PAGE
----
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Overtime up at ADOC, state agencies as staffing struggles continue


The Alabama Department of Corrections is spending more on overtime — $34.6 million through late-June of this fiscal year — as it works to recruit and keep prison staff.

In 2022, ADOC paid workers $39.9 million in overtime, according to information from the Alabama Department of Personnel shared with Alabama Daily New. Overtime at several state agencies is up, totaling more than $48.1 million across all General Fund-supported departments through late June and with more than three months left in the fiscal year. In 2022, the total was $58.4 million. By comparison, it was $35.7 million in fiscal 2019.

Agencies with the most OT through late June:

  • Corrections: $34.6M
  • State law enforcement: $4.5M
  • Transportation: $3.3M
  • Mental health: $1.9M
  • Veterans affairs: $999,949

Staffing shortages and workforce issues have been a conversation theme among agency leaders and state budget makers in the last year. Sen. Greg Albritton, R-Range, said at departments like mental health and human resources, which work with people in crisis, well-trained staff is critical.

“They’re the ones called up late at night and early in the morning and then going to court the very next day,” Albritton, chair of the Senate General Fund committee, told ADN.  “The work hours are just terrible and that’s not conducive to hiring and maintaining personnel.”

And current staffing shortages go well beyond Alabama or state agencies, he said.

“This is a national problem,” Albritton said.

In the case of mental health, Albritton has said there needs to be a pipeline of employees entering the agency.

“My focus is trained employees, people who want to work and are dedicated to the work,” he said.

ADOC overtime

Overtime at ADOC has increased steadily in recent years. The department paid $27.6 million in overtime in 2016, according to ADN records. Corrections’ growing amount of overtime pay is in large part due to the ongoing staffing shortages, as well as overcrowding, factors that also led to a federal lawsuit that alleges Alabama’s prison inmates are subject to inhuman conditions

An ADOC spokesperson told Alabama Daily News that beyond limited resources, “compliance with court-ordered requirements” also played a role in the increase in overtime pay, however, overtime pay is expected to reduce over time as the department ramps up its hiring efforts.

John Hamm, commissioner of the ADOC, says his department is working to solve its staffing issues and headed in the right direction.

During a recent meeting of the Joint Prison Oversight Committee, Hamm said ADOC had hired 61 correctional officer trainees for the department’s third of four yearly training academy classes. The latest figures show improvement over last year’s numbers where the ADOC had just 86 new correctional officer hires complete the Training Academy in 2022.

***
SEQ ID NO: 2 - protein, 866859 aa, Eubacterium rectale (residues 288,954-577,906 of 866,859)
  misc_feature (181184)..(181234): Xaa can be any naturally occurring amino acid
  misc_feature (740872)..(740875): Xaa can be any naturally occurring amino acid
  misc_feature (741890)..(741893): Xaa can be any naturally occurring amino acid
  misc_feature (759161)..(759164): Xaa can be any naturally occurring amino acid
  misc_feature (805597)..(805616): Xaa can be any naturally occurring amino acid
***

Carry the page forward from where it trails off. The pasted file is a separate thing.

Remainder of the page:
Pay for prison staff also increased this year in March, with starting pay for correctional officer trainees rising from $33,381 to a minimum of $50,712, and higher amounts for more senior staff. Hamm said the increased pay has already resulted in former correctional officers coming back to work for the ADOC, approximately 25 people, and that his department has launched a direct mail campaign targeting former staff for re-recruitment.

“Our recruiting efforts are really going well now, so we anticipate by the time we start our fall class, those applicant numbers will certainly rise,” Hamm said.

Hamm added that the ADOC currently has 821 applications for correctional officer trainee positions at major facilities, and 350 applications for correctional security guard positions.

The latest required reports from ADOC show it had 1,705 security personnel, including wardens, as of late March. That’s down from 2,105 in December 2021.

Sen. Clyde Chambliss, R-Prattville, the chairman of the committee, noted the recent success in improved staffing, but urged Hamm to be proactive in recruiting efforts.

“That is one of our primary concerns from a legislative point of view, so I would just encourage you and your staff to continue thinking, because the trajectory being in the green for the first time in a while is great, but when if it gets back into the red, that’s too late for us to come up with a new idea,” he said.

Lawmakers last year approved the construction of two mens’ prisons and Albritton said they’re expected to improve conditions for inmates and staff alike.

“As far as prison staffing goes, you’re not going to get anywhere until you make it safe for people to go to work and come home,” Albritton told ADN.

He said in recent months ADOC officials in conversations with him “seem to be hopeful” the pay increase, as well as legislation to allow retirees to earn more as correctional officers, is helping the staffing situation.

Meanwhile, the prison population has continued to rise, with Hamm saying it has “been increasing a little bit every month, so we anticipate this trajectory to continue for quite some time.”

As of June, the number of people incarcerated under the ADOC is at a three-year high at around 20,600. Prison population saw a decline from September 2020 through May 2021 with a low number of around 17,300, in part because of pandemic-related changes that kept inmates in county jails,  before the increase that persists today.

Whether the ADOC’s efforts at improving staffing shortages will be sufficient remain to be seen, with Chambliss noting that from a legislative perspective, prison staffing continues to be a “priority issue” for lawmakers.


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